Although I’ve been able to safely account for most of my “working” life by virtue of being at university* (full-time, or as full-time as an arts student can be…), and in volunteering, the often-uncomfortable fact is that, due most likely to a combination of circumstance and simple bad luck in that area, I’ve made it to nearly-thirty with less “working” experience than your average school-leaver, fresh out of the can.

*Also, I guess that spending those years at university investing in a degree which is probably one of the LEAST likely to lead directly to paid employment also hasn’t helped my situation.

However, this isn’t for lack of trying, particularly upon my leaving school with considerably poorer grades than I was hoping. At my peak, I was dumping around 5-10 of my proudly-tailor-made CVs per day upon the unwitting shop-bar-cafe circuit in my town; only a (child-size) handful of which actually invited me for an interview; almost none of whom actually offered me anything. Eventually, I would end up acquiring a very short-lived customer service job and a brief stint in “hospitality temping” – both of which I became certain I was suited to in NO way…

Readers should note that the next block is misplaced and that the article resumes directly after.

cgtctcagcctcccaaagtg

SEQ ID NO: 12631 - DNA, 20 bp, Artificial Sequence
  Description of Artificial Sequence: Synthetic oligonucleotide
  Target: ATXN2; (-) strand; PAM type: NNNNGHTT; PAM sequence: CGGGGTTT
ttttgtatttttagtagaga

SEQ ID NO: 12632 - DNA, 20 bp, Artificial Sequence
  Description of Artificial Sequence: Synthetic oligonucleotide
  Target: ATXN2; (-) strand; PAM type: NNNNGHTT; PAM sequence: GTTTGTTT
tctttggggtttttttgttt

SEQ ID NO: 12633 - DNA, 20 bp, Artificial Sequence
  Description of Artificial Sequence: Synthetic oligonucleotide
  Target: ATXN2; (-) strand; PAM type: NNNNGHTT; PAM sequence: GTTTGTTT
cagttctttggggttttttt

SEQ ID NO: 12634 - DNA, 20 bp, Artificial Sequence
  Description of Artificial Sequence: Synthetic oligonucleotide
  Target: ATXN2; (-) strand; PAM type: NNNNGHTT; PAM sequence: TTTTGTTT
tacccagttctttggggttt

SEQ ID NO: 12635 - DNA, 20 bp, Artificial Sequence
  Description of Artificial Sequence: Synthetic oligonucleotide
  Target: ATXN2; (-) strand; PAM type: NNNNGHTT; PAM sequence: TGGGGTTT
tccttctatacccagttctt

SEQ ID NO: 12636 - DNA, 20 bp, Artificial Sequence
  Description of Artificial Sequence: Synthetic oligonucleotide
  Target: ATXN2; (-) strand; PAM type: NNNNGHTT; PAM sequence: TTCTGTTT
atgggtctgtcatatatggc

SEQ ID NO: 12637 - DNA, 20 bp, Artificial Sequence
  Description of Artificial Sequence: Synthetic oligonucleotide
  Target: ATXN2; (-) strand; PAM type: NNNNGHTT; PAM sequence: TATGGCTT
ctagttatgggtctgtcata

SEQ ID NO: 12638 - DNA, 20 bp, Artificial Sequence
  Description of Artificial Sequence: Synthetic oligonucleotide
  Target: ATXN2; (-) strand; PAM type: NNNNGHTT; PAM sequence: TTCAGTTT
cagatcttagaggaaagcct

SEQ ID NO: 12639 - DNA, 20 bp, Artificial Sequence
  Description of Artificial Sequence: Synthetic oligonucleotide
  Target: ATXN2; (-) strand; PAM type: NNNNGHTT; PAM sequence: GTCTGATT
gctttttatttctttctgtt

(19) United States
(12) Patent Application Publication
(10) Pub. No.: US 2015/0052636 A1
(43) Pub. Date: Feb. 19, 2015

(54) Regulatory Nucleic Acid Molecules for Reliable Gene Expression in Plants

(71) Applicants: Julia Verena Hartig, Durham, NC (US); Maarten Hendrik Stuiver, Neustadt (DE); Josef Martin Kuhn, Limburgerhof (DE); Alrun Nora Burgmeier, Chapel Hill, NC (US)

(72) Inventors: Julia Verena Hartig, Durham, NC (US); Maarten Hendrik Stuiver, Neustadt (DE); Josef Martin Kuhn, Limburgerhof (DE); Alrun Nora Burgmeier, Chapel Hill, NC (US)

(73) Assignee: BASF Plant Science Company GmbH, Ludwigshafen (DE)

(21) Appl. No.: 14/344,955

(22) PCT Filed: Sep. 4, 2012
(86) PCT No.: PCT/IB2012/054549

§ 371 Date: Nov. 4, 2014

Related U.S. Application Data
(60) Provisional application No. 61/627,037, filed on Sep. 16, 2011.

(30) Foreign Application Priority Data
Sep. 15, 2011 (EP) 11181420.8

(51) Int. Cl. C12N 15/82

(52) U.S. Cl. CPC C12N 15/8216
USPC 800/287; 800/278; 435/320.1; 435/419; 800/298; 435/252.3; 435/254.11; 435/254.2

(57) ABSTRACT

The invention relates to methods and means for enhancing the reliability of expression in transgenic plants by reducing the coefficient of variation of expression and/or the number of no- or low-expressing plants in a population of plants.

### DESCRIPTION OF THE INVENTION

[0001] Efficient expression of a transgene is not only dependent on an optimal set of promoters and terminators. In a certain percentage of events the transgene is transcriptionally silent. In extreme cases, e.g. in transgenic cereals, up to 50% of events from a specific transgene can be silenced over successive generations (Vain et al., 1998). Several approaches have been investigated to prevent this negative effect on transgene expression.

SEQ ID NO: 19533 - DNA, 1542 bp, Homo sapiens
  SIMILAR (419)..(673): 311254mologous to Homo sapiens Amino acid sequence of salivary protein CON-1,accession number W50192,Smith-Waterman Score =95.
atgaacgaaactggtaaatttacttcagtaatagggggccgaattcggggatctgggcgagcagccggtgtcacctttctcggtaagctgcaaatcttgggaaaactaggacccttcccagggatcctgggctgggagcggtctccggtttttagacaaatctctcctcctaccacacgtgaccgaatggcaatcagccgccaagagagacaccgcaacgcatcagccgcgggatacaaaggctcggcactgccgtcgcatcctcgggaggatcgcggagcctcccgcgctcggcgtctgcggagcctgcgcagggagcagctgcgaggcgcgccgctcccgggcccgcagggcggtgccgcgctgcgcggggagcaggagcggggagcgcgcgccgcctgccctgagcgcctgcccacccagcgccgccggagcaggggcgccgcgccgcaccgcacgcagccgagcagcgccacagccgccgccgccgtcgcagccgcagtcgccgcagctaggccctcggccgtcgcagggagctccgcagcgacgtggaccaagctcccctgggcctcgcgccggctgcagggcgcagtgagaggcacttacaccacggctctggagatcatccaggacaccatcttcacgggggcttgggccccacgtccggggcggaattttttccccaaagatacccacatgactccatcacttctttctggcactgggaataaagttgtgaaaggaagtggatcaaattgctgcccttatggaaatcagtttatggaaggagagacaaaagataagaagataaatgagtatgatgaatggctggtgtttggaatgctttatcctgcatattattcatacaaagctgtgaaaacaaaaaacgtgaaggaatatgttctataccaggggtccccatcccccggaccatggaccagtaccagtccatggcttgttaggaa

Furthermore, during those times when I found myself out of both work and education, I found myself actually WANTING to do something productive with my life. For me, finding work wasn’t just a way to earn money and make a living, it was a way to potentially enrich my life and to “make a contribution to society” – win-win.

Thus I was initiated into the world of volunteering. I started out helping in my local Oxfam store, which I grew to like enough to actually want as a paid position, except none were then available. I got a well rounded impression of working for a charitable organisation and felt… of-use. Then sometime later along came a full-time placement doing editing and graphic design for a local community project – full-time, but still technically volunteering.